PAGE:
And yet that is just not the case, is it?  You should be able to turn your hand at various things in your life, yes, but your results will vary. 

I'm a generalist, believe me on that.  Being able to turn your hand to any task requires a mindset, an attitude and an aptitude to accept failure and that failure is an indictment of lack of skill, by and large, not a lack of trying.  You don't get paid for trying, you get paid for doing.

In America, today, we have an unemployment problem and it has nothing to do about unemployment and lots to do about how our society has changed its evaluation of work.  Since the start of the Progressive Era, the one that would try to make those who went through school as unlike their parents as possible, there has been an inculcation of the meme that 'to get ahead you need a diploma' or that 'a college degree means you will make more at any job you do'.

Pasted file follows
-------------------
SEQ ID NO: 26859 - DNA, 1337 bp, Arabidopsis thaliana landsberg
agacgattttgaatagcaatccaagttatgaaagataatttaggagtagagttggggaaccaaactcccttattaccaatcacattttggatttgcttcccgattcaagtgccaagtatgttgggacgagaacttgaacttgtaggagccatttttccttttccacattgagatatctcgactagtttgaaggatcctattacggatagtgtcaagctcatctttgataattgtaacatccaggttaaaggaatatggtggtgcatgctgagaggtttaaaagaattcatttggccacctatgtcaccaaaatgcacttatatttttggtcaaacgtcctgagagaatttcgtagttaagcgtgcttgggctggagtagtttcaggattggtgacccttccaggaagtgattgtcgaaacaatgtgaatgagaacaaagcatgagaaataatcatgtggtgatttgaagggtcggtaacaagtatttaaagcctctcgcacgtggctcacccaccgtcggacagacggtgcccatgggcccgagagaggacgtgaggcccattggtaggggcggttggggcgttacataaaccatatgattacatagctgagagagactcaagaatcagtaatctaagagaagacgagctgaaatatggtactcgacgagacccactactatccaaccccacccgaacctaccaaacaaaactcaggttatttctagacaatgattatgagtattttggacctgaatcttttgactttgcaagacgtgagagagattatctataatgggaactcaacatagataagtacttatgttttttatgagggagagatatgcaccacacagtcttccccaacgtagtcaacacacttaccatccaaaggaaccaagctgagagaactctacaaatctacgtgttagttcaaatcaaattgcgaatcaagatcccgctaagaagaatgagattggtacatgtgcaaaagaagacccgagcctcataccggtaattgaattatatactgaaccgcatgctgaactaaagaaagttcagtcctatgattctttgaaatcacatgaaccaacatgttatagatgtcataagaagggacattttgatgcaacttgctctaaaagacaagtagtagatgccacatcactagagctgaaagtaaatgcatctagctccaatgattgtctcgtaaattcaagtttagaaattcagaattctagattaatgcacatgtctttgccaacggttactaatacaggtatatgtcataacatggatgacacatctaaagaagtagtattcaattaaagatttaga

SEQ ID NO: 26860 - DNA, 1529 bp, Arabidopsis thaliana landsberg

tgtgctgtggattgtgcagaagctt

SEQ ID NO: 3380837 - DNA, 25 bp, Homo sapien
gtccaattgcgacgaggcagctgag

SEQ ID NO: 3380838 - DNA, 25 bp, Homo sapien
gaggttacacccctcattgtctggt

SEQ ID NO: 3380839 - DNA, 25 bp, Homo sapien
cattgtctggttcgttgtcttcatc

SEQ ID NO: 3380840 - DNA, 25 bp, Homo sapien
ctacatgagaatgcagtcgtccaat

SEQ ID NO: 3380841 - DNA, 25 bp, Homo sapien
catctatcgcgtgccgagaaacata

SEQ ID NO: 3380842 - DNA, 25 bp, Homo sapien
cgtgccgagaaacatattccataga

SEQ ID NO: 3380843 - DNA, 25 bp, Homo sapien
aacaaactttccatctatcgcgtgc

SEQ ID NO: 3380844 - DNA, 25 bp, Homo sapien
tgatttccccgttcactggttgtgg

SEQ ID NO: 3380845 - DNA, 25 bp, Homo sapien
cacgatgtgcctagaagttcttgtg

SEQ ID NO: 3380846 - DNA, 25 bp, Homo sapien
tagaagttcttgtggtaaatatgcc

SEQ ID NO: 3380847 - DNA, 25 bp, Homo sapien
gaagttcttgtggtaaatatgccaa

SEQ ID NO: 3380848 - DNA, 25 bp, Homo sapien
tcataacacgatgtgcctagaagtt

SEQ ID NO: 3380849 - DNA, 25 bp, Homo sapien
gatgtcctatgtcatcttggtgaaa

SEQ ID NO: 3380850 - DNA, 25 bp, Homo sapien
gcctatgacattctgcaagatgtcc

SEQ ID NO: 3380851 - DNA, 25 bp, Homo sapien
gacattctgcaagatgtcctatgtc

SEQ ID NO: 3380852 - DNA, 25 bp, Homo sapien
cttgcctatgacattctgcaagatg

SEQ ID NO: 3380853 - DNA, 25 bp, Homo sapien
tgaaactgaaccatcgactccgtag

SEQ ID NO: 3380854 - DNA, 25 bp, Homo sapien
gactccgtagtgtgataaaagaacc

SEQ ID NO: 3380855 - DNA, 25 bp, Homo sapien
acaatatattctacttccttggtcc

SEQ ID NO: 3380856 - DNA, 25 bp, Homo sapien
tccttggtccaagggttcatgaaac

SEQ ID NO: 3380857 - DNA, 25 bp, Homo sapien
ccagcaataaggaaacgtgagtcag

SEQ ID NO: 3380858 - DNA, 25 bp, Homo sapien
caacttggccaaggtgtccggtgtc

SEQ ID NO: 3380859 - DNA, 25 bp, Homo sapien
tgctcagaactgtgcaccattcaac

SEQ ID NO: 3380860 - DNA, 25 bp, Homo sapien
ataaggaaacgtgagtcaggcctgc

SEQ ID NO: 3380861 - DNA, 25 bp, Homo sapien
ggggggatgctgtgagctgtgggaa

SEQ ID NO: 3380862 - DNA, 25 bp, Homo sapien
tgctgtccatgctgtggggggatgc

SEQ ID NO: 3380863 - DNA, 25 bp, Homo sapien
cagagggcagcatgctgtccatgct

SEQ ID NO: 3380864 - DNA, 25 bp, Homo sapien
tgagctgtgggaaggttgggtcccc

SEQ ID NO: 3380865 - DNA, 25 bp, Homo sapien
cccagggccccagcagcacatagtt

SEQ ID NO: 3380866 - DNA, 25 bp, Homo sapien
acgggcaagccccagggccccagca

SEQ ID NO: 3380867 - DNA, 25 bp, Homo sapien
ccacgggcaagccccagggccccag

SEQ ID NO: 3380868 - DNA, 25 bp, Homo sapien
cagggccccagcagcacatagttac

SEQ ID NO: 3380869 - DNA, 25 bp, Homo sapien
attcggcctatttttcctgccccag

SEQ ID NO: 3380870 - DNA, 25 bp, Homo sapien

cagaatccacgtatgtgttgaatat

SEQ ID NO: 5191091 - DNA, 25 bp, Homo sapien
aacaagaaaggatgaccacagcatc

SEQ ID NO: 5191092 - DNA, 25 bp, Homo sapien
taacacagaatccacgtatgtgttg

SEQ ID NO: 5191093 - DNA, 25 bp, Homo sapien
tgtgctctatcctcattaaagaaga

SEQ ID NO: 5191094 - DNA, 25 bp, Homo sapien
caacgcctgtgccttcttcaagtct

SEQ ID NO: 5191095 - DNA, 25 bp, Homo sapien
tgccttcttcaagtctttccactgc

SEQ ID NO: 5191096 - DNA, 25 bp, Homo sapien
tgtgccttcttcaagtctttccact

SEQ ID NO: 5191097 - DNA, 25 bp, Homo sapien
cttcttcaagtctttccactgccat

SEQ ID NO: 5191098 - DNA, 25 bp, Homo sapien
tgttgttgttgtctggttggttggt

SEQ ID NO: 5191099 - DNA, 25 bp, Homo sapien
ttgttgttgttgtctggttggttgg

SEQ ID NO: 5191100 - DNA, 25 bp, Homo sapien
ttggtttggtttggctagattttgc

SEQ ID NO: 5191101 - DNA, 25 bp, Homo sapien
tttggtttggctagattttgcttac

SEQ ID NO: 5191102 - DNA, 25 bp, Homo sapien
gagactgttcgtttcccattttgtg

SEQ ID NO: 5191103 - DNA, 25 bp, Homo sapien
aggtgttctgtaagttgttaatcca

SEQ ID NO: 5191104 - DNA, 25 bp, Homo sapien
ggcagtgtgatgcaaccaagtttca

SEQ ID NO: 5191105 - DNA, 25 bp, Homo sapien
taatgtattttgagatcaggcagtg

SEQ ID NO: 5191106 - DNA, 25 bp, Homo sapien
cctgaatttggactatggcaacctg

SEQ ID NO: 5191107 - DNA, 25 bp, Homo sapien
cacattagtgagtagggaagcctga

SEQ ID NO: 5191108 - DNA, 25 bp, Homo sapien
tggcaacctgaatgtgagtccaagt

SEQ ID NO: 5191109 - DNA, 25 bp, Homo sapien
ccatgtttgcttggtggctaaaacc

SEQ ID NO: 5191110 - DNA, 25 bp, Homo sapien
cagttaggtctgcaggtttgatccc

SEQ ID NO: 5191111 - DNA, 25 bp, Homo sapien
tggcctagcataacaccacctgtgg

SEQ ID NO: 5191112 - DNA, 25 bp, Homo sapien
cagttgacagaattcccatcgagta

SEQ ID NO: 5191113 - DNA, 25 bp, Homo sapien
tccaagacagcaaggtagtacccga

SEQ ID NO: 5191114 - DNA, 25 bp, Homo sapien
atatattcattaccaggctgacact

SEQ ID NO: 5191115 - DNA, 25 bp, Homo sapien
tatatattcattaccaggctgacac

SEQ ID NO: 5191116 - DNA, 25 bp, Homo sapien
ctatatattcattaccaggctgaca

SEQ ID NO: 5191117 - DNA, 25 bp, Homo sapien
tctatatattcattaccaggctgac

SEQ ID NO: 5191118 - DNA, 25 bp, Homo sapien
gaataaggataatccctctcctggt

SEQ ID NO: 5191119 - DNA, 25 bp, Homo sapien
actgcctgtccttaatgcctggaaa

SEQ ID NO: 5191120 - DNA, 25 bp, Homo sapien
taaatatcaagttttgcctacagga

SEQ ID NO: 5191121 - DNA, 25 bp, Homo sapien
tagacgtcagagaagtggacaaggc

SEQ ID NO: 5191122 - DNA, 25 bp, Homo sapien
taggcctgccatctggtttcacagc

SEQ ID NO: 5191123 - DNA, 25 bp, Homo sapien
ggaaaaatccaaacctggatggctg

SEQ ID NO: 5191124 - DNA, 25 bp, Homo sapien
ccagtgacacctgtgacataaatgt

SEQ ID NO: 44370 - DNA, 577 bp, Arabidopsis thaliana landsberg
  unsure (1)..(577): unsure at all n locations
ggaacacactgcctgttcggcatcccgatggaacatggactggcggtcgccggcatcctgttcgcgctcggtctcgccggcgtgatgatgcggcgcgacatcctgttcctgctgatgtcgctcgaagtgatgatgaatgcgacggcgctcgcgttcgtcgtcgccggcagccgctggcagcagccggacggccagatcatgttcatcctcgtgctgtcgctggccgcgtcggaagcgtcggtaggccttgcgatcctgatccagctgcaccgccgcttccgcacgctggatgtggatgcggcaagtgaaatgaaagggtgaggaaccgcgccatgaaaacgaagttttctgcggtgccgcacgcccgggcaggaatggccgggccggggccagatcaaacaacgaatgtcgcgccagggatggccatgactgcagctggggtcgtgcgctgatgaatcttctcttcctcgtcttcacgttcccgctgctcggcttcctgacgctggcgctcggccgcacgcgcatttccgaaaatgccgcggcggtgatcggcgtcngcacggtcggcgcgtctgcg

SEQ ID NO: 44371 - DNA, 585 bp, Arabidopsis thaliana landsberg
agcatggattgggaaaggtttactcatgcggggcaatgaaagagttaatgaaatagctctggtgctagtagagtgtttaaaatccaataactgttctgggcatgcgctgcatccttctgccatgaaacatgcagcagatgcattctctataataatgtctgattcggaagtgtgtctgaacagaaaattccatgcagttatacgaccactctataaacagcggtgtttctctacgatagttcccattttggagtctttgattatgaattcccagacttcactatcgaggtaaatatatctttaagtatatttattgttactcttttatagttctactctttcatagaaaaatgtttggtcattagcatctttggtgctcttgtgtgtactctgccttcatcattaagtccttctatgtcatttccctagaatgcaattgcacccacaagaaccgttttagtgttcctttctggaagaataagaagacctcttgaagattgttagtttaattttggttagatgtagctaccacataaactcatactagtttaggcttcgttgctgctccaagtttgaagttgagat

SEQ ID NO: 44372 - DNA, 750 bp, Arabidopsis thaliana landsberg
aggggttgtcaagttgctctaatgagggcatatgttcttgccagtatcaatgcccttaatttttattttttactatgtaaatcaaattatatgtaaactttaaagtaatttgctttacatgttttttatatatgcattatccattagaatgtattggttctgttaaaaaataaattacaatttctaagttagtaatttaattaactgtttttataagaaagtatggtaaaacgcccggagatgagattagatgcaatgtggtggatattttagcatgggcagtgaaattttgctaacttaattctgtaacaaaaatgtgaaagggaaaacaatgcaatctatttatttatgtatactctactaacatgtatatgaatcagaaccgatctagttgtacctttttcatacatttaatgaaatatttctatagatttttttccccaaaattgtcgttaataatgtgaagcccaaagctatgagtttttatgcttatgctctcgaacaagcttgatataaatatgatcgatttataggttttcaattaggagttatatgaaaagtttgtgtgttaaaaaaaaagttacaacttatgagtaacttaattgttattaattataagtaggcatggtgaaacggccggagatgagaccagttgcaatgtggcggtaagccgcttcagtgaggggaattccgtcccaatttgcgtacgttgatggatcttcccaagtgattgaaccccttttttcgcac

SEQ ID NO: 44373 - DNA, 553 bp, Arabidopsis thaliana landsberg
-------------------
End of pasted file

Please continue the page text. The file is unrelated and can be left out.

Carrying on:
These are lies.

I saw that directly as I took up geology in university and the US had just hit the 'oil patch': the place where geologists from the small oil companies, some with multiple degrees under their belts, were flipping burgers just to get by.  A degree, higher education as a pathway to a good job are lies.  At the same time as I was getting a degree in geology, I was putting enough course work in to nearly minor in computer science, my second early love, and that proved to be a rewarding combination.  Note that these are not areas in the 'humanities' or ones that have a racial or ethnic or gender hyphen to them: math is required.

So are labs.